We leapt into the water, dragging our fins on as we went, each following the person in front like lemmings plummeting off a cliff. A cursory look below the surface and already we could see that nonchalant smile approaching. The rest of the paddle shaped head came into view so peppered with white polka dots that it was nearly impossible to make out the tiny eyes. We wondered if it could see us or even knew we were there. As we hung mesmerised and motionless, the whale shark approached, effortlessly gliding through the water.
The Race Is On
Its body was sleek and muscular, perfectly streamlined for optimal performance. The pointed dorsal fin sliced through the water as the powerful tail gently beat its silent rhythm. As it was passing, the sudden desire not to be left behind kicked in and the race was on. We swam as fast as we could, breathing as hard as our snorkels would allow and cursing our lack of fitness. The whale shark continued unperturbed. At 6 metres long it was merely a baby, slowly cruising along the shallow reef that was its nursery.
Concentrating hard, we barely noticed the second boat arrive until the water around us became a thick soup of flailing limbs. People swam over us and we were pushed, shoved and kicked in the face as everyone tried to escape the melee. Eventually we broke free from the pack.
Nearing The Finish Line
As the space before us opened up, once again we found ourselves alongside the whale shark. Beams of sunlight sparkled through the water and rippled across its back. The magical moment was short lived as we began to run out of steam. After a last ditch attempt at a final burst of speed, which fell flat, we were spent. The whale shark gradually pulled further and further ahead until all we could see were a few spots glowing like a constellation of stars in the distance.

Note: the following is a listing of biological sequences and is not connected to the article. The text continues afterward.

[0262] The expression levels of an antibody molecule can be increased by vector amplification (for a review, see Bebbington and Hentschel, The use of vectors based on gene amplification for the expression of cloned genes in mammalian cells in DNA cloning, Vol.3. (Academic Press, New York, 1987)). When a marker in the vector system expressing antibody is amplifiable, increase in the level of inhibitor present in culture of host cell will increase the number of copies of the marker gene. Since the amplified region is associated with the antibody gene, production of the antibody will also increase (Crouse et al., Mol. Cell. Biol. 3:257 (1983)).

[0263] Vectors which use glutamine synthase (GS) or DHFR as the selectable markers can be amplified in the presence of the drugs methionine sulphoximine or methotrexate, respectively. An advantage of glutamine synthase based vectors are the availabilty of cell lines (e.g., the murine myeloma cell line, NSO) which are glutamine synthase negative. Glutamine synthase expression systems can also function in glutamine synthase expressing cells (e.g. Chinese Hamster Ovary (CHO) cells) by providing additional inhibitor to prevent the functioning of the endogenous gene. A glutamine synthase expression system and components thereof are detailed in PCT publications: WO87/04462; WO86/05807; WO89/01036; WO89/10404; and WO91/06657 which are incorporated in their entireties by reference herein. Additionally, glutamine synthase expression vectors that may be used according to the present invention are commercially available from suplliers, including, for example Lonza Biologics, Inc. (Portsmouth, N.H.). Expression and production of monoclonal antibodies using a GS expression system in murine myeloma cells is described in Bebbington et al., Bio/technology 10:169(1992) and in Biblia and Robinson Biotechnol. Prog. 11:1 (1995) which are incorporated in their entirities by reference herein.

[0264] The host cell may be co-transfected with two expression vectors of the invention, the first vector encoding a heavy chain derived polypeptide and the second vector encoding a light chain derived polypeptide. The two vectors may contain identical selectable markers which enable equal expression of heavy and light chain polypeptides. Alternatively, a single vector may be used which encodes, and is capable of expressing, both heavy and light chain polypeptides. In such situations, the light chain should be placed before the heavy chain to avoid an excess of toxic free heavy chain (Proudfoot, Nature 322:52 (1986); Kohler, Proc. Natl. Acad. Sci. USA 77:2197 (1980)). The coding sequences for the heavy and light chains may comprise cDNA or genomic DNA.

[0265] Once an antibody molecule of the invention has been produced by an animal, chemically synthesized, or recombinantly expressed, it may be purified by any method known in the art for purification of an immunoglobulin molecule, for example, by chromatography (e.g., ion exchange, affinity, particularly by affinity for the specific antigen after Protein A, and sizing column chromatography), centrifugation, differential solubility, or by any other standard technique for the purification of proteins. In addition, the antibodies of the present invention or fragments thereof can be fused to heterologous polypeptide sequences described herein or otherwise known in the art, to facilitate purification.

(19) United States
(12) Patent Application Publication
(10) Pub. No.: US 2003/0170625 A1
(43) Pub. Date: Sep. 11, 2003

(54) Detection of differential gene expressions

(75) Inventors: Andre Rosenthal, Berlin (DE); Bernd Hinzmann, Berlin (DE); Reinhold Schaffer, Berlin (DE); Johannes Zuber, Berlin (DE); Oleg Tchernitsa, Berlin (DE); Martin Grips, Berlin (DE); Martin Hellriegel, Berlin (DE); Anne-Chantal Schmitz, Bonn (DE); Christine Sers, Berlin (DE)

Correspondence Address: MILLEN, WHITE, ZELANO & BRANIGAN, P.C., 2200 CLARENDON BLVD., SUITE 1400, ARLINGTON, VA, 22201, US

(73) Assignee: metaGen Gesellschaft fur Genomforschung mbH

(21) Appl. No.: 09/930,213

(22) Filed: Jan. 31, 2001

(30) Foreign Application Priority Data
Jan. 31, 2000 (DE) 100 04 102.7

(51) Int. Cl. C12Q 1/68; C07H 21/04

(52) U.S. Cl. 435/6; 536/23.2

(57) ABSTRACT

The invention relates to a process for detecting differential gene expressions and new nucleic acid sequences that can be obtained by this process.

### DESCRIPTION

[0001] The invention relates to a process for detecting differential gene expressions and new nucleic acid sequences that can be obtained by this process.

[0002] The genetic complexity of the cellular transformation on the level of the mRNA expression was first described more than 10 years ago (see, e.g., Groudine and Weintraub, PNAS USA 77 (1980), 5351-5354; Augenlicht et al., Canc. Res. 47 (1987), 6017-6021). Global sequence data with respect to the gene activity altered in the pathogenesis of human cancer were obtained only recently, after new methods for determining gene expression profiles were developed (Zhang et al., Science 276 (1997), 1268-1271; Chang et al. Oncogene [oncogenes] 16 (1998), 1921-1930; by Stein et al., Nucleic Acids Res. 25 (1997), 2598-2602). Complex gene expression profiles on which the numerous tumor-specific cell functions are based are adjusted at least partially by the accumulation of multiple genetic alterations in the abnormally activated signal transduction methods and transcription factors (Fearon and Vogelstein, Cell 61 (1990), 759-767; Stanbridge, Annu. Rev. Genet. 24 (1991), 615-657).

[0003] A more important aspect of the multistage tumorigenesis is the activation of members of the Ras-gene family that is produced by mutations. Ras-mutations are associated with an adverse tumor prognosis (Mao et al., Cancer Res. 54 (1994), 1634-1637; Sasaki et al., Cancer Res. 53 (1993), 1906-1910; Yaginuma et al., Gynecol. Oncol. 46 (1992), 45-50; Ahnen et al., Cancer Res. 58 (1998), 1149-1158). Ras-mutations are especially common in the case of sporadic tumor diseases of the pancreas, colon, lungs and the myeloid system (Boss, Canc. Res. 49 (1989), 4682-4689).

The outcome? Whale Shark 1 : Adventure O'Clock 0
Looking For Whale Shark Footprints
Finding a whale shark was a time consuming process. We trawled the reef on several occasions before the spotters on the roof struck lucky. They were looking for the whale shark's footprint, the dark shadow of a shark near the surface. On a sunny day this works well but the wind and rain made it more difficult.
Maldives Whale Shark Snorkelling Tips
Whale sharks don't hang around for long so be ready to jump in the water as soon as one is spotted.
If the whale shark is disturbed, it will likely dive deep and disappear. Don't get directly in front of the whale shark and be careful not to touch it.
Stay clear of the whale shark's powerful tail.
Where To Snorkel With Whale Sharks
We snorkelled with whale sharks while on a dive liveaboard in the Maldives. Most liveaboards will offer whale shark snorkelling but check their itinerary to be sure.
Whales sharks are only found in certain areas of the Maldives. Some resorts will be able to organise whale shark snorkelling but others will be too far away. Ask before you book if this is something you really want to do.
In theory you can see whale sharks year round in the Maldives. However, the one we saw in October was the first sighting for several months. There is always an element of luck involved and the weather makes a difference too.